PORTAGE LA PRAIRIE, Man. — Without warning, the old gas powered D19 rotated around its rear axle and back flipped. It had no rollover protection so Roy Vust was pinned between the tractor and mower at his farm in southern Manitoba.
Then the fuel tank erupted like a volcano, engulfing man and machine in flames.
It happened on a hot July evening when gasoline vaporizes instantly and burns with a ferocity while sucking in fresh oxygen to intensify the inferno. The instant he went over, the then 58-year-old farmer knew he was in trouble but he didn’t anticipate the fire.
Re-telling the accident story from 2001 is no longer a problem for Vust, who hopes it will prevent another farmer from having a similar accident. Some details are clearer than others.
“I was mowing ditches after supper. I got to the end where it meets the rail line, so of course I had to turn around,” said Vust.
“When the front wheels got up a little bit, I remember stopping with my foot on the clutch and turning around to see exactly where I was going to back up.
“All of a sudden, everything went upside down. The tractor was on top of me and my left leg was pinned under the transmission tunnel.”
He figures his foot slipped off the clutch pedal while the cabless D19 was still in gear. Once what had happened began to sink in, he recalled thinking how lucky he was to be alive. The only problem was the left leg pinned beneath the tractor.
Like most small utility tractors of the 1960s, the Chalmers has the gas tank mounted higher than the engine, just in front of the steering wheel. At the time, Vust gave no thought to the gas tank.
“I thought I’d better just stay calm and wait there until somebody came along. I had a good feeling that it was a miracle I was alive.
“Then whoof. Just like that, the gasoline ignited and I was completely engulfed in flames.
“The Good Lord must have lifted me out of there somehow. I don’t have any memory of what happened, but somehow my leg must have been pulled loose from the tractor and I was able to stumble away. I don’t remember any of it, but that was the second miracle within one minute.”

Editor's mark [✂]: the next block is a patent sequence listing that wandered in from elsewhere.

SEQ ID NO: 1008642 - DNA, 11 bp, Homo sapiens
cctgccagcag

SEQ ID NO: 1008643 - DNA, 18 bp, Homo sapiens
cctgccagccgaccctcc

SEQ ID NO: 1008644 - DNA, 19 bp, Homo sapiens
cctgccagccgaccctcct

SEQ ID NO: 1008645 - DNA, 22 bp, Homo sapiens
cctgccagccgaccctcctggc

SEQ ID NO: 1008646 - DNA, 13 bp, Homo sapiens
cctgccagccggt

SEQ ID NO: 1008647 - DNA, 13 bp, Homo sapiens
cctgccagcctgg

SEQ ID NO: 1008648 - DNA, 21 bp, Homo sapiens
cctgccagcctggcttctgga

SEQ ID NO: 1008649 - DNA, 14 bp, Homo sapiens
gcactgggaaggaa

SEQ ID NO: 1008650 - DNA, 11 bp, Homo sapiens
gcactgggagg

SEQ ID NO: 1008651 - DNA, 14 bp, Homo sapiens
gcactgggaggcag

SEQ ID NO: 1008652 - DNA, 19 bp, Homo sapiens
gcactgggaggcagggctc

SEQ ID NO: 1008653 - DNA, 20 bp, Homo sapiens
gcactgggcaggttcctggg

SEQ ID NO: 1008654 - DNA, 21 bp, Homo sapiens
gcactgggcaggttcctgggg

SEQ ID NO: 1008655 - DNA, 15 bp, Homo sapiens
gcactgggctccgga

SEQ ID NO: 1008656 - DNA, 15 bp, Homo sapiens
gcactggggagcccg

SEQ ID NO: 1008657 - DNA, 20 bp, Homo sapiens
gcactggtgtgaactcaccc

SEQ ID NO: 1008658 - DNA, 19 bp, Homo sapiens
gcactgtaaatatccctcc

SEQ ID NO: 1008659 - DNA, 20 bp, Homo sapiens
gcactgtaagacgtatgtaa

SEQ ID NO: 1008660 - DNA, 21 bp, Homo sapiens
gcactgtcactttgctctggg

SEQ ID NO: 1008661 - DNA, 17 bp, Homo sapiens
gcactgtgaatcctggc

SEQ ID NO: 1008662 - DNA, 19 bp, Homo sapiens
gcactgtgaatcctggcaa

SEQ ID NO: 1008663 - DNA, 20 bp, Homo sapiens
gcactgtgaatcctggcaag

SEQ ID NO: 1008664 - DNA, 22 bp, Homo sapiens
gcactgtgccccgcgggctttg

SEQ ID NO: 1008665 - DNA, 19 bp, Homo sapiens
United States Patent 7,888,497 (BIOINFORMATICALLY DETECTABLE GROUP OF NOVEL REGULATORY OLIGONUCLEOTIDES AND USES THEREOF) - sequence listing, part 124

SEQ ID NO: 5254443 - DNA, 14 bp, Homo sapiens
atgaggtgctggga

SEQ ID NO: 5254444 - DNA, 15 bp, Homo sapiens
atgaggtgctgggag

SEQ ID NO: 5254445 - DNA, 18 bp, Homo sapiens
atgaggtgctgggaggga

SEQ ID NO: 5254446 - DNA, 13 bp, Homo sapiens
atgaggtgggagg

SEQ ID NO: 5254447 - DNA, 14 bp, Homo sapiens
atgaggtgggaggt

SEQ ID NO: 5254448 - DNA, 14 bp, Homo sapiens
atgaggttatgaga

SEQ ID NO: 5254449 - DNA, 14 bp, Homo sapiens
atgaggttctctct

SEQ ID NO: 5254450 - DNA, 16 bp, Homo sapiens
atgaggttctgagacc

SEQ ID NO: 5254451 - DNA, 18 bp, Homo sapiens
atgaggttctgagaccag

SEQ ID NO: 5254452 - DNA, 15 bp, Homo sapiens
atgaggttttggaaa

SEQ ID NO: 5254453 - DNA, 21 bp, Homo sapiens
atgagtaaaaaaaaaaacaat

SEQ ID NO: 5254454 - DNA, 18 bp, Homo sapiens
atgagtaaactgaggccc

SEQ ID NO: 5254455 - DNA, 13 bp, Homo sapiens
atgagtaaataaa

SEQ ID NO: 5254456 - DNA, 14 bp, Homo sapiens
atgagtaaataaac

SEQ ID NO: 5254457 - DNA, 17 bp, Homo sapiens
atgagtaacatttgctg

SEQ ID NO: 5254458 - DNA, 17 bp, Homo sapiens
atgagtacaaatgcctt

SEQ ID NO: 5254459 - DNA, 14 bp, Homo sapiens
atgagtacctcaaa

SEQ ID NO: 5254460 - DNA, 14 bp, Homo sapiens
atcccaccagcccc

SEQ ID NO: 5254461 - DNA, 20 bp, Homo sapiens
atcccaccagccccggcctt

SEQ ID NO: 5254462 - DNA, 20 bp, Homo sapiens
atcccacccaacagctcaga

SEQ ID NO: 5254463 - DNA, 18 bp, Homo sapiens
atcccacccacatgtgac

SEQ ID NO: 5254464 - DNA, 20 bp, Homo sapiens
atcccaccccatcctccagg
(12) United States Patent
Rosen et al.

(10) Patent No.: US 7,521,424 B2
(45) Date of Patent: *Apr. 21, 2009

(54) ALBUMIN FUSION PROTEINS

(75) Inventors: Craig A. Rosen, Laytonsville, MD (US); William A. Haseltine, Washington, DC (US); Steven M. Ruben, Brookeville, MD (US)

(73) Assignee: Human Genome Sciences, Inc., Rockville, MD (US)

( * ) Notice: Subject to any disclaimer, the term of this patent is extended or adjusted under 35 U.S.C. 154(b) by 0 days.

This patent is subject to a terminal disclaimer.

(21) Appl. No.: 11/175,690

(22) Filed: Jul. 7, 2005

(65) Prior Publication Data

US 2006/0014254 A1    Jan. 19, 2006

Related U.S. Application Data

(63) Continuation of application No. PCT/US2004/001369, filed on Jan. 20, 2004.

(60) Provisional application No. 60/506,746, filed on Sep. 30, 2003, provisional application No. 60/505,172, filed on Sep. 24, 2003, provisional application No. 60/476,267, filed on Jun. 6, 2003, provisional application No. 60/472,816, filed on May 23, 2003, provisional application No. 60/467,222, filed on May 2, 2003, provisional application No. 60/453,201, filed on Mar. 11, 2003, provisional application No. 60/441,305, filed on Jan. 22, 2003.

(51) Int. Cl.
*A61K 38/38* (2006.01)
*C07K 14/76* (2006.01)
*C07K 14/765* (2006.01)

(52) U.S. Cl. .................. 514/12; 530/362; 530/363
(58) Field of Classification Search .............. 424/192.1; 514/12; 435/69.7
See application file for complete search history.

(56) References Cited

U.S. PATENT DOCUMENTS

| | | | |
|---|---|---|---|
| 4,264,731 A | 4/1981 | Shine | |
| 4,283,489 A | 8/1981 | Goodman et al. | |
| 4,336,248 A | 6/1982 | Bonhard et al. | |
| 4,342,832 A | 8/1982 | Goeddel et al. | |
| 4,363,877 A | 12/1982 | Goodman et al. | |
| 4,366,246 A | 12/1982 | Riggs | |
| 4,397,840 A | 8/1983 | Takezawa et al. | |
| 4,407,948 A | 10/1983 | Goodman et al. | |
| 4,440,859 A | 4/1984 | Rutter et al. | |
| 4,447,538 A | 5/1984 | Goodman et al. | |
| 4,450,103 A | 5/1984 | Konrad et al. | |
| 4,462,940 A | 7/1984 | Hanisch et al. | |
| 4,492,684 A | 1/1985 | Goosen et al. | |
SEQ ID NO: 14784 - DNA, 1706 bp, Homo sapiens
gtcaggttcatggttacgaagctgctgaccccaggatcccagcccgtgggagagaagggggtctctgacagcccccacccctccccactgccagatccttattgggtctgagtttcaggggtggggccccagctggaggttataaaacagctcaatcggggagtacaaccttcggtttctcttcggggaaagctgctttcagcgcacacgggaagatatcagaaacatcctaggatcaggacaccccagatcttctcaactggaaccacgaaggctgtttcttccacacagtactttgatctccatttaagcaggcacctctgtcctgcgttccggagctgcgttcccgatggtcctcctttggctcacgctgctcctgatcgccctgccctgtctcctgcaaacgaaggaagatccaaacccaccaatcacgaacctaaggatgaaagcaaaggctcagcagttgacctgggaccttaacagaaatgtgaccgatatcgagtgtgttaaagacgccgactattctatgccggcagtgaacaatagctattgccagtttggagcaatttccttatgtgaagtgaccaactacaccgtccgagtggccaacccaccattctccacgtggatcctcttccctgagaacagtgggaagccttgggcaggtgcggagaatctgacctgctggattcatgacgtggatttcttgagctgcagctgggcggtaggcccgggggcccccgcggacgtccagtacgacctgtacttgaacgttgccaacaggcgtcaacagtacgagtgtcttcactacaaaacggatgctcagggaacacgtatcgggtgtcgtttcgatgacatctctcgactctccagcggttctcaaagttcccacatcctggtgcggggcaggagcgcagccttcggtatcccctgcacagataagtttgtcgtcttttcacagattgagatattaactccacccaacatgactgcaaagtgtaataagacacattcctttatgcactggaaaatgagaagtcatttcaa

Once away from the burning tractor, Vust said he felt hot all over. He realized his gasoline saturated clothes were on fire.
He dropped to the ground, rolling around trying to put out the flame but the tinder dry grass didn’t help matters. After finally extinguishing the flames, he headed down the road toward home.
“Luckily, a neighbouring farmer a third of a mile across the field heard me hollering and saw what had occurred and he rushed over,” he said.
Also fortunate for Vust was the fact his farm was only a 10-minute drive to the Portage hospital. That evening, he was transferred to Winnipeg’s Health Sciences Centre with second and third degree burns to 50 percent of his upper body.
“On the ambulance ride to Winnipeg, I looked at my hands and I could see my burned skin just loose, hanging there,” said Vust, who would spend three months receiving skin grafts.
When he finally returned to the farm that fall, he replaced the D19 with a tractor that had a ROP certified cab.
“I was dumb to mow ditches without a rollover bar. No excuse for that. With ROP and a seat belt, I could have scrambled out of there immediately.
“I had lots of steel in the shop. I could have easily built one. And my family owned the Chalmers dealership, so I could have easily bought a factory rollover bar.
“But I had that carefree attitude so many farmers still have today. We have a silly teenage attitude. Nothing’s going to happen to me. It might happen to the next guy, but I’m too smart to get hurt.”
Vust farmed accident-free for another five years before retiring.
Today, he dedicates much of his time to serving as chair of Manitoba Farmers with Disabilities.
He said farm accident statistics are alarming.
“I think more young guys are taking this seriously. But the stats on farm accidents aren’t declining as fast as the farm population declines.
“We’ve all got 31.5 million seconds every year. You can afford to take a few of those seconds every day to make sure you’re farming safely.”